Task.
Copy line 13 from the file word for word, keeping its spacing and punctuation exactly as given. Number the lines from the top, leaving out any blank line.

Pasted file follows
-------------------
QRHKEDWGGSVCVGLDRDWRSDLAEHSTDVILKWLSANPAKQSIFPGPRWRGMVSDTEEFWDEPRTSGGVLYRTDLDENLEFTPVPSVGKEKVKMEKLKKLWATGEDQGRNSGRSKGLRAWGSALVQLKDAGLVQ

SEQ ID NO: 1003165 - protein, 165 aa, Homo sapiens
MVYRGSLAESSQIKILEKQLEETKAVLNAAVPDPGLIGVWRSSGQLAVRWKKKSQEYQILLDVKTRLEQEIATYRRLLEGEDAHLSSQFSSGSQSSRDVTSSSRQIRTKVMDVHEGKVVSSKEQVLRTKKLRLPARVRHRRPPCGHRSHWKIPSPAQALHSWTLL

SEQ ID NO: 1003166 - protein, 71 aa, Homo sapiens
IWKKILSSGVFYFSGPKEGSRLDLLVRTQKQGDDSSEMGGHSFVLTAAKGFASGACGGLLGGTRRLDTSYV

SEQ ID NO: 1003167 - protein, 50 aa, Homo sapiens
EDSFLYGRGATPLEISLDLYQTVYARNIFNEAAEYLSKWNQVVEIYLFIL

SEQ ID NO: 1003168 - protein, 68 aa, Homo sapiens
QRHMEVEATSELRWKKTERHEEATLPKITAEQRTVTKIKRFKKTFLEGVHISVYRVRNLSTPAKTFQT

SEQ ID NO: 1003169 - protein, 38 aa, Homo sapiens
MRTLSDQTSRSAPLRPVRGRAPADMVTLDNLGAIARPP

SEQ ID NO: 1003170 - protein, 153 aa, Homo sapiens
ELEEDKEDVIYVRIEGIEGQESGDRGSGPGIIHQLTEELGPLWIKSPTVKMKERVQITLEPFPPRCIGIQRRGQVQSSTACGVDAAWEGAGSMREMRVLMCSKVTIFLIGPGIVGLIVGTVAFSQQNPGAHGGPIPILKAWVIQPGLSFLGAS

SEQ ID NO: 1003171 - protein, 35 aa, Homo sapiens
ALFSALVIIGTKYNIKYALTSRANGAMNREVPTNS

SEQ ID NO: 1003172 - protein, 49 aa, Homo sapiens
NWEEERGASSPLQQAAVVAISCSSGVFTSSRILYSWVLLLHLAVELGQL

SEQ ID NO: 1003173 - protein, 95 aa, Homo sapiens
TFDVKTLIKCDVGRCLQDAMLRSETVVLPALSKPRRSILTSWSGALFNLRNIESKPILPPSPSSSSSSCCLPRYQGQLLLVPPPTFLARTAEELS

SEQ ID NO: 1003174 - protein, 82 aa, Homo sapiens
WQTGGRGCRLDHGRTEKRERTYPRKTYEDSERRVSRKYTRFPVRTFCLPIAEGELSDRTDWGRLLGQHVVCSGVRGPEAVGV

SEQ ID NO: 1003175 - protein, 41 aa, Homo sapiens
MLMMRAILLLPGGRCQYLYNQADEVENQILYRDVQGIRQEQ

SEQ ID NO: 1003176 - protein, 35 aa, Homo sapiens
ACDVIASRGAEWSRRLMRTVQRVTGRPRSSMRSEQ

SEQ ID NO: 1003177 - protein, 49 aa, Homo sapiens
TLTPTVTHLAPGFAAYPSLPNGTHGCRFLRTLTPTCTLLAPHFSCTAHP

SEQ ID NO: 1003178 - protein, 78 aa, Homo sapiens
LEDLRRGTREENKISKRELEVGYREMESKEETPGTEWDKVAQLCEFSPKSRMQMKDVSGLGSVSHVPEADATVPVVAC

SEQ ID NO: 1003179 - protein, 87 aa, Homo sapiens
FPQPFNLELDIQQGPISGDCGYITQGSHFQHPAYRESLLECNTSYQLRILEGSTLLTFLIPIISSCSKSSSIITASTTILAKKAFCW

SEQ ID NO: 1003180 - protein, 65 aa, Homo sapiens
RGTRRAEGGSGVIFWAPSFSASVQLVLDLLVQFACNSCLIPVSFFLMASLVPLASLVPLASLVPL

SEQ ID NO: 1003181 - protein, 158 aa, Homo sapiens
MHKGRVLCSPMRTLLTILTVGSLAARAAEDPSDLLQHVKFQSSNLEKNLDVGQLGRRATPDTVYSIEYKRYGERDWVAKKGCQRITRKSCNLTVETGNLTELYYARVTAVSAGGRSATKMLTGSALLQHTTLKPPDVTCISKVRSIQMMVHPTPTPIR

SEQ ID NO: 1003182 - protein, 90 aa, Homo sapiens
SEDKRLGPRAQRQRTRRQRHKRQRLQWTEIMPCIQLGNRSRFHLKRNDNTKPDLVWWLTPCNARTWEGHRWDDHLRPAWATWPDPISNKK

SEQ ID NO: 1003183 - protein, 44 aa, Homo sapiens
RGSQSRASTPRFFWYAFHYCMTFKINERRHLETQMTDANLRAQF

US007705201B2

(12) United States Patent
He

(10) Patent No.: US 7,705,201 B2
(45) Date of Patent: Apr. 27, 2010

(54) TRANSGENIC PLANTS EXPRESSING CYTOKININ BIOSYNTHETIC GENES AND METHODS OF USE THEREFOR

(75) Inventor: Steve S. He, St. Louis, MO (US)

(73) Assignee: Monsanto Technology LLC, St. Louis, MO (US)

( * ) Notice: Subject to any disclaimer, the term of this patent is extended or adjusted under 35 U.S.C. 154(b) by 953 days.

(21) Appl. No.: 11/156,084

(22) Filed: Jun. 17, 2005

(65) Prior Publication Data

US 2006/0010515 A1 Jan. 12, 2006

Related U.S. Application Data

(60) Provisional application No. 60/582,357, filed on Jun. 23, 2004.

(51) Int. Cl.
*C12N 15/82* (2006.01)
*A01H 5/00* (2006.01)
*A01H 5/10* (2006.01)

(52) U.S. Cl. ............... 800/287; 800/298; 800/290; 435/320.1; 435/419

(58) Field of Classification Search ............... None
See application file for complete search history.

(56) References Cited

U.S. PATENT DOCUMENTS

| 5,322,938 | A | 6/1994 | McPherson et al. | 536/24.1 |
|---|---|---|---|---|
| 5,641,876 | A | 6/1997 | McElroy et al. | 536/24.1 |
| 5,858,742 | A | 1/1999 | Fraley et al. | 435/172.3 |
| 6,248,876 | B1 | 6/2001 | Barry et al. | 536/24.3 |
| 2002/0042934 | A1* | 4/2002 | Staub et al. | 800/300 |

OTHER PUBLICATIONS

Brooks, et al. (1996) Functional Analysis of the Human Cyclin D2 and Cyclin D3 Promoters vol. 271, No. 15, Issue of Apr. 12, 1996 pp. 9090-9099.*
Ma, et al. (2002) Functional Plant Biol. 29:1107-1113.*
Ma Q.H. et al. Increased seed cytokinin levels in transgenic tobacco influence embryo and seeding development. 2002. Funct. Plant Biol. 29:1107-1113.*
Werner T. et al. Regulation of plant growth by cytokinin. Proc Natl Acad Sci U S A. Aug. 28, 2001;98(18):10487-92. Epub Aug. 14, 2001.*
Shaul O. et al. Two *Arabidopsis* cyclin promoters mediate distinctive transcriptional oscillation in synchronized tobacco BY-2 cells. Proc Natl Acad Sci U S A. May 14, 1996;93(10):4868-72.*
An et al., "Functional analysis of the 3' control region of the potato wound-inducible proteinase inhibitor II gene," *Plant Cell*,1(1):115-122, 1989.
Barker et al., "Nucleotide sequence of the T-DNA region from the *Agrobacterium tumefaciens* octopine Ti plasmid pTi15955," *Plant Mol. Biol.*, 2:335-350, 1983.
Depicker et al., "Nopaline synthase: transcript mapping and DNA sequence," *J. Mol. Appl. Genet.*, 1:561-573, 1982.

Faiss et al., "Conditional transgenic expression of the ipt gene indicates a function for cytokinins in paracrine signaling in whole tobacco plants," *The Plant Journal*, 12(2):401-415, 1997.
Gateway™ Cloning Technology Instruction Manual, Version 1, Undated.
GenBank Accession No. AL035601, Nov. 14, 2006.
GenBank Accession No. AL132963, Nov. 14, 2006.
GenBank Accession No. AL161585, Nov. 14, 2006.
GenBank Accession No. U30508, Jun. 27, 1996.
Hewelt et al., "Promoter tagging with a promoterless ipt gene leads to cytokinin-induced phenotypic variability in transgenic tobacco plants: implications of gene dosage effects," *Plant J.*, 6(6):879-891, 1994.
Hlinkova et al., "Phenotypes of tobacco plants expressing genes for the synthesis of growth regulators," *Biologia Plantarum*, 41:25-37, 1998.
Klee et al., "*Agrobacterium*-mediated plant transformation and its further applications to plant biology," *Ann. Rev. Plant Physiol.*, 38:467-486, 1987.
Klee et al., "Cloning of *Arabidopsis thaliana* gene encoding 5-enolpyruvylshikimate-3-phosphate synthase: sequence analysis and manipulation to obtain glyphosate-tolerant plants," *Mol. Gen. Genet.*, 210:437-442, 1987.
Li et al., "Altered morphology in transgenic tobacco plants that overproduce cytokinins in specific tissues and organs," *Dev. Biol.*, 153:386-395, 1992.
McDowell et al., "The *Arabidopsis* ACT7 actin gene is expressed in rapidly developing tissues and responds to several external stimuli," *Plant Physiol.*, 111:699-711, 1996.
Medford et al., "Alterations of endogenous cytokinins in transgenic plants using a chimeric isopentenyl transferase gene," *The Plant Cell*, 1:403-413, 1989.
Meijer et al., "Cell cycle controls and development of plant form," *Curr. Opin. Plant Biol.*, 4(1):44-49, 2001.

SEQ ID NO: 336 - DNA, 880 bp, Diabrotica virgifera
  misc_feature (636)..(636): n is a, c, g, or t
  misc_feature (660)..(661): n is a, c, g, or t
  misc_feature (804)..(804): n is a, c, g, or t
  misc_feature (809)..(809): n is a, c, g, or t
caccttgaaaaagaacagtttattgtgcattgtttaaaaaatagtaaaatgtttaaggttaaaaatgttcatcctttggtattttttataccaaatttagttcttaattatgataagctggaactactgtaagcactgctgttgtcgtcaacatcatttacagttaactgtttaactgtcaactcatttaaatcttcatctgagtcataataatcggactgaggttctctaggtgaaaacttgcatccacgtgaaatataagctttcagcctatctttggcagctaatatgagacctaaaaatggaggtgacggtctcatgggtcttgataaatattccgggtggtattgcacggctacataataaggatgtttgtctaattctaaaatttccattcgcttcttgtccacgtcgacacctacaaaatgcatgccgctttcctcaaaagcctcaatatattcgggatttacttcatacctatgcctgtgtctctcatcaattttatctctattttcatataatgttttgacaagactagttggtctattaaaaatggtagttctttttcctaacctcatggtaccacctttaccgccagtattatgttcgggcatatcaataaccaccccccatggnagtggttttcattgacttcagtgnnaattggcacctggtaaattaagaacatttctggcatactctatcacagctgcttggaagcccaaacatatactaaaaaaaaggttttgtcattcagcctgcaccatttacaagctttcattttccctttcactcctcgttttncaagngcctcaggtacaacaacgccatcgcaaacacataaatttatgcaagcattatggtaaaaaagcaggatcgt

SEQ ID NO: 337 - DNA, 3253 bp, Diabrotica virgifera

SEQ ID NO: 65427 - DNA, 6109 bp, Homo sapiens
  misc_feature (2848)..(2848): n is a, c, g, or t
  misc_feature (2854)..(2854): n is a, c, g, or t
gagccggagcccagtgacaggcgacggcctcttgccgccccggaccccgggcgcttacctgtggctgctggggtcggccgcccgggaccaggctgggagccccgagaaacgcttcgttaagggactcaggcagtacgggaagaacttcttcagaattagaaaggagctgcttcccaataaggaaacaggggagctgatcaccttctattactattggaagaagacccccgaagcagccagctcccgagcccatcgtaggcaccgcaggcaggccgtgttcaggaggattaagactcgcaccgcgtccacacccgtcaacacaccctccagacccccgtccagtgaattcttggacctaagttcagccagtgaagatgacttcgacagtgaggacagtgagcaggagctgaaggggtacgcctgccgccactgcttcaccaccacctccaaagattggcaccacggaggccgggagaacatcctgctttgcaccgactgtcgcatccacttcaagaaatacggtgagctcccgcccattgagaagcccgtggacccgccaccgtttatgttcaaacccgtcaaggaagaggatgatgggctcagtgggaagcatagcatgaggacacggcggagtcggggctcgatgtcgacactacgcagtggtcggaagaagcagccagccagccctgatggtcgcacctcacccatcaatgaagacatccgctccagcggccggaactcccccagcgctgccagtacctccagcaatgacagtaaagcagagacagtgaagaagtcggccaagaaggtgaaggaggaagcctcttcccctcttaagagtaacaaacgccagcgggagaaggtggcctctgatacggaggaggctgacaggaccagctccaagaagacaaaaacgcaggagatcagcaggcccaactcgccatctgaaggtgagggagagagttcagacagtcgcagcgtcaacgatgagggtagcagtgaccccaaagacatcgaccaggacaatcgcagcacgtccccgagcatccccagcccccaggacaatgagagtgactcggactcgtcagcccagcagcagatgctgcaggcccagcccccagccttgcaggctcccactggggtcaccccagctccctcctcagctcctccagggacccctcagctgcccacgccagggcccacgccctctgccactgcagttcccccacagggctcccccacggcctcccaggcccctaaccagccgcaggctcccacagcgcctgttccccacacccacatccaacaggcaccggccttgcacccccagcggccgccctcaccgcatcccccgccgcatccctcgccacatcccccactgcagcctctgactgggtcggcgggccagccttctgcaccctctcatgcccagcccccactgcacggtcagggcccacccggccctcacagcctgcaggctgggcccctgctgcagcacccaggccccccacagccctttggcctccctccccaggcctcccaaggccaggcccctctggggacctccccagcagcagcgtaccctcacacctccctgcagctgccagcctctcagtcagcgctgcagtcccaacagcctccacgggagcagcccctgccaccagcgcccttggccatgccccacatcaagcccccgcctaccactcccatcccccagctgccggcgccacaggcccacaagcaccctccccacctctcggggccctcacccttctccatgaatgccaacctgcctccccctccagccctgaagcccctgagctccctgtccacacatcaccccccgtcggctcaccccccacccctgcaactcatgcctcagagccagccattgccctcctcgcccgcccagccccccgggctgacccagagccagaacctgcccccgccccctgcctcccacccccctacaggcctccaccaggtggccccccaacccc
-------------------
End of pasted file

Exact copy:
ELEEDKEDVIYVRIEGIEGQESGDRGSGPGIIHQLTEELGPLWIKSPTVKMKERVQITLEPFPPRCIGIQRRGQVQSSTACGVDAAWEGAGSMREMRVLMCSKVTIFLIGPGIVGLIVGTVAFSQQNPGAHGGPIPILKAWVIQPGLSFLGAS